Letters to the Editor for May 11, 2018 | RecordCourier.com

Letters to the Editor for May 11, 2018

Junipers in front of the Gardnerville Chevron burned up in a transformer fire.
Kurt Hildebrand

Huge red flag on Duffy


For the first time in many years, we have a highly competitive race for Douglas County Sheriff. Unfortunately, I am deeply concerned about one of them: Capt. Joe Duffy.

Duffy comes across like a cop’s cop. He’s burly, tough-talking and even a bit swashbuckling. He started out in the Los Angeles Police Department, back when it was famous for cracking heads first and asking questions later.

Duffy is running against Capt. Dan Coverley, who’s been endorsed by retiring Sheriff Joe Pierini; Dave Brady, a former Douglas County Commissioner; and Dean Paris, a retired Marine.

I’m not endorsing a candidate, but here’s my problem with Duffy: he’s wildly unpopular in his own department, and for good reason.

Just two months ago, the Douglas County Grand Jury issued a report that included a stinging criticism of Duffy’s move to impose thinly-disguised quotas on deputies for writing citations and making arrests.

Several deputies told the grand jury that Duffy set a “performance standard” of at least 16 citations and four arrests per month. To ratchet up the heat, Duffy posted a spreadsheet every month, for every deputy to see, that showed each person’s “metrics.” People with above-average numbers had their results highlighted in green. Those with below-average numbers were highlighted in red.

Duffy says this was never a “quota,” and he stopped displaying the spreadsheets after a torrent of outrage from deputies. You’d have to be a fool, though, to think you weren’t still being bullied to rack up higher numbers.

This is wrong in all kinds of ways. First, it’s a rigid and arbitrary system – different assignments and shifts lead to different numbers of citations. Second, it’s demoralizing. Third, it’s terrible for the public because it pressures deputies write tickets or arrest people for the wrong reasons. This is the opposite of community policing, because it erodes trust in law enforcement. Duffy’s response has been almost as disturbing as his original policy. Time after time, he has complained about deputies who are “lazy” and “malcontents.” At a recent forum for the sheriff candidates, I heard him complain no fewer than three times about deputies who were lazy or shirkers or sleeping in the squad cars. This isn’t the language of a leader. It’s the language and mindset of a bully. It should be a huge red flag about character and temperament. Here’s an even bigger red flag: 78 percent of the deputies, as well as current Sheriff Pierini, have endorsed Capt. Dan Coverley for sheriff. Think about that: 78 percent of the deputies do not support Joe Duffy.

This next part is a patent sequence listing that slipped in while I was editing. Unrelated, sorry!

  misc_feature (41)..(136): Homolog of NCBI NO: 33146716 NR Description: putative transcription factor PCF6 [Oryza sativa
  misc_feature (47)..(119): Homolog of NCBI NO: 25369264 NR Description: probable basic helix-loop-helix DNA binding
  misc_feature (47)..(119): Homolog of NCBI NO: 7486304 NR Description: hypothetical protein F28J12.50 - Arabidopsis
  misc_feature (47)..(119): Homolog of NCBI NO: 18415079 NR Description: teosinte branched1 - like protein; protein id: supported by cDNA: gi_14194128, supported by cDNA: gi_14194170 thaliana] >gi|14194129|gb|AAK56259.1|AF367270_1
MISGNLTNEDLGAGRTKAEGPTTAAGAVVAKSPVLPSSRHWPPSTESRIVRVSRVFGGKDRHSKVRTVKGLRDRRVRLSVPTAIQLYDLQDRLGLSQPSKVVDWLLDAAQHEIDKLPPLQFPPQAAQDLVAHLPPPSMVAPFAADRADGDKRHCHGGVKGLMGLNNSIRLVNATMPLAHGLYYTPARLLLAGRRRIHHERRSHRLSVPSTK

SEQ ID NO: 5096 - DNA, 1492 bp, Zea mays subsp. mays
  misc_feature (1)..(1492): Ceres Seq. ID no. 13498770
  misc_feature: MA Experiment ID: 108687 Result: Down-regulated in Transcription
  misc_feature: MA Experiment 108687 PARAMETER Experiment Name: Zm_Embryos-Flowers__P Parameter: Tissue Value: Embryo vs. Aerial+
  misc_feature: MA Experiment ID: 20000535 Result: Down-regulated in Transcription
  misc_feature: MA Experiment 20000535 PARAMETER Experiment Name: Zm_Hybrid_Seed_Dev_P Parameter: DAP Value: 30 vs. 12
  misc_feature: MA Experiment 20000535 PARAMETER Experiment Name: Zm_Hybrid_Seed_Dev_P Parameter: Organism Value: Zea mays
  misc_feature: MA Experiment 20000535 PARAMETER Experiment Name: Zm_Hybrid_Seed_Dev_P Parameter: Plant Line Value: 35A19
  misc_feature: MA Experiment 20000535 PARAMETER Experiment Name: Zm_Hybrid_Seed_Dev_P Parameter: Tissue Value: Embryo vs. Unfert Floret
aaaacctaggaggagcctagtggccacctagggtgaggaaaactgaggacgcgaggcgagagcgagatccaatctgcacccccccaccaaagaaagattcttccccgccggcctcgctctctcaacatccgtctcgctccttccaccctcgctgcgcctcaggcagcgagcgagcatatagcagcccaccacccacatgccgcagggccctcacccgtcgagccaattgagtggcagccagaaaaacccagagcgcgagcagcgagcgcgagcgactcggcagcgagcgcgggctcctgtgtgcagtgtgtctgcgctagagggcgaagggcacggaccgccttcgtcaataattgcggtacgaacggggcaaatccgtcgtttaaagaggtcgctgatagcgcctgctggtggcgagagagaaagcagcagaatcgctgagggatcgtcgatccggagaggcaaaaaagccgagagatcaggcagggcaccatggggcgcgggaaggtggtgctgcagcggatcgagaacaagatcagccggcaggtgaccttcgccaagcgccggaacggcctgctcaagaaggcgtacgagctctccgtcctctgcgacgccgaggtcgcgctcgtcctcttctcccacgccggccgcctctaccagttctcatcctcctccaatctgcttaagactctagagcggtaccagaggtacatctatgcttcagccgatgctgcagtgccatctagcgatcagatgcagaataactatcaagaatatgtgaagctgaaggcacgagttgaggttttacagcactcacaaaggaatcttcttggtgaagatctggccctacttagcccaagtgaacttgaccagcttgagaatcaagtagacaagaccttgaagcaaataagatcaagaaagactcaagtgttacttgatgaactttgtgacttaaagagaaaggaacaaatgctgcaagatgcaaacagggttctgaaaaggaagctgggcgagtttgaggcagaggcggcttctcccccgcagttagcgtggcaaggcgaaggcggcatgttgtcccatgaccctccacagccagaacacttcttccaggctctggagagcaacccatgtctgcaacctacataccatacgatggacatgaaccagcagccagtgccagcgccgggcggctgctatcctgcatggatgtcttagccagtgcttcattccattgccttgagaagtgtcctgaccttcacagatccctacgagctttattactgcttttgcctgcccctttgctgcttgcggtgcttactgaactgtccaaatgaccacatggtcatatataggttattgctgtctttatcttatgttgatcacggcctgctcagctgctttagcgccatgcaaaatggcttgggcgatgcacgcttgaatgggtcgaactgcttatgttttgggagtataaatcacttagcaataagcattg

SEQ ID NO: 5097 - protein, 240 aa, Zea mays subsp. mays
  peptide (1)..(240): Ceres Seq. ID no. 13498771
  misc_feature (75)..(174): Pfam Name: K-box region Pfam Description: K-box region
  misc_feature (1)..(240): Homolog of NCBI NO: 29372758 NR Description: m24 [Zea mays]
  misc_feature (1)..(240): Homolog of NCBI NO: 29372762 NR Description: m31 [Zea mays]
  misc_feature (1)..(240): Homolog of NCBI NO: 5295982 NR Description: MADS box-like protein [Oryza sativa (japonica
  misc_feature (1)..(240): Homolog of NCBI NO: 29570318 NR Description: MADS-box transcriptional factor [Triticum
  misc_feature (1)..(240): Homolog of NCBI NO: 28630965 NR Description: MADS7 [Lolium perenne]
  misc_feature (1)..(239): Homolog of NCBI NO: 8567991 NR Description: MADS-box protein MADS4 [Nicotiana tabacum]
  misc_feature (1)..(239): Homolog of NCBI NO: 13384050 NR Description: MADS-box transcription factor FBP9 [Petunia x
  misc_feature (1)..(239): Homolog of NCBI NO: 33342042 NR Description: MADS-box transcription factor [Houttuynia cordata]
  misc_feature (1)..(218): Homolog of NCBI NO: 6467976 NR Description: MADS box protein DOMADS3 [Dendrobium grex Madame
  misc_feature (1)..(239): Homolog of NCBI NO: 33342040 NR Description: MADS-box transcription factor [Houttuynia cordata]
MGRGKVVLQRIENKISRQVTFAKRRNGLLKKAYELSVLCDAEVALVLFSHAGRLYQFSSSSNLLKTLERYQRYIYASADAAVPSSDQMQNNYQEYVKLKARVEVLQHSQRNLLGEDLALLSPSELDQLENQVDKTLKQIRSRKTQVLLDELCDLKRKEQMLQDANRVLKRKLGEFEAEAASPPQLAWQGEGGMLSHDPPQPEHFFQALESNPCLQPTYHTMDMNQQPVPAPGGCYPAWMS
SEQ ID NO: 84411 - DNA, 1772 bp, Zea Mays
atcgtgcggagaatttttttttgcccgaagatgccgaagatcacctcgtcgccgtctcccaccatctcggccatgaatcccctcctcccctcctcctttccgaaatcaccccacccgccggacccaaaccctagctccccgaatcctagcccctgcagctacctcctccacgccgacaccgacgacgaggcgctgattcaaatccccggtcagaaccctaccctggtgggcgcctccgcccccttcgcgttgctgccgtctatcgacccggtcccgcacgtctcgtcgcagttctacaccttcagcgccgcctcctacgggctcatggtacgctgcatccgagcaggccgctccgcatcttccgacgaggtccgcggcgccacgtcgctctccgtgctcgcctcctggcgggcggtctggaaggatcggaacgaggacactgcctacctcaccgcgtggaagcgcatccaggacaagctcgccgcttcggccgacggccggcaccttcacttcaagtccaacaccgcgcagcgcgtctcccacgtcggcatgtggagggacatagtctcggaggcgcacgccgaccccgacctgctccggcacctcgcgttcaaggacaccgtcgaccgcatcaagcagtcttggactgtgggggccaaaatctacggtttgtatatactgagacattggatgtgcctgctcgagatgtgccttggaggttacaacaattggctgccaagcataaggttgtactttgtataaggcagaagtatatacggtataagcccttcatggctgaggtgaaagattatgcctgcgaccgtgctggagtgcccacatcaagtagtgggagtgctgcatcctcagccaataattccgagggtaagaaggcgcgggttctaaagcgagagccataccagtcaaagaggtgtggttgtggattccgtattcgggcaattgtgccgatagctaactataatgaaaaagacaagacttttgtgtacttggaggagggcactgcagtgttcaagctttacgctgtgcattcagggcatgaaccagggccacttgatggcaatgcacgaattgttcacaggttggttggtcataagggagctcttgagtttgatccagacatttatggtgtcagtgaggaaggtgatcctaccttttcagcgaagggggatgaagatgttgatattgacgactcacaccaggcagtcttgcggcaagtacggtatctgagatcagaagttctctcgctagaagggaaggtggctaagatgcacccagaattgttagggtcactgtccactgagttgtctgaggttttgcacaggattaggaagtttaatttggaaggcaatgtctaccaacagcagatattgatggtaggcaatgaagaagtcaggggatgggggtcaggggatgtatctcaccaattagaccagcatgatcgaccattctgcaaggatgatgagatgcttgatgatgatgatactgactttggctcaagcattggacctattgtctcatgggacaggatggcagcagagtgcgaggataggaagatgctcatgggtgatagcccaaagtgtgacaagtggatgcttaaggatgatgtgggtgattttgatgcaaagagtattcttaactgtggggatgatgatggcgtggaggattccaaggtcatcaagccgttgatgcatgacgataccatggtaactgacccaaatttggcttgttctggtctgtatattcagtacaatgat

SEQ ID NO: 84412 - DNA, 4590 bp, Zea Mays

Being sheriff is a big job. It requires deep experience in law enforcement, but it also requires serious skills in leadership. The sheriff has to earn the trust and respect of both his deputies and of the community.

Let’s make a good decision.

Edmund L. Andrews

Zephyr Cove

Commissioners not told about Tiregate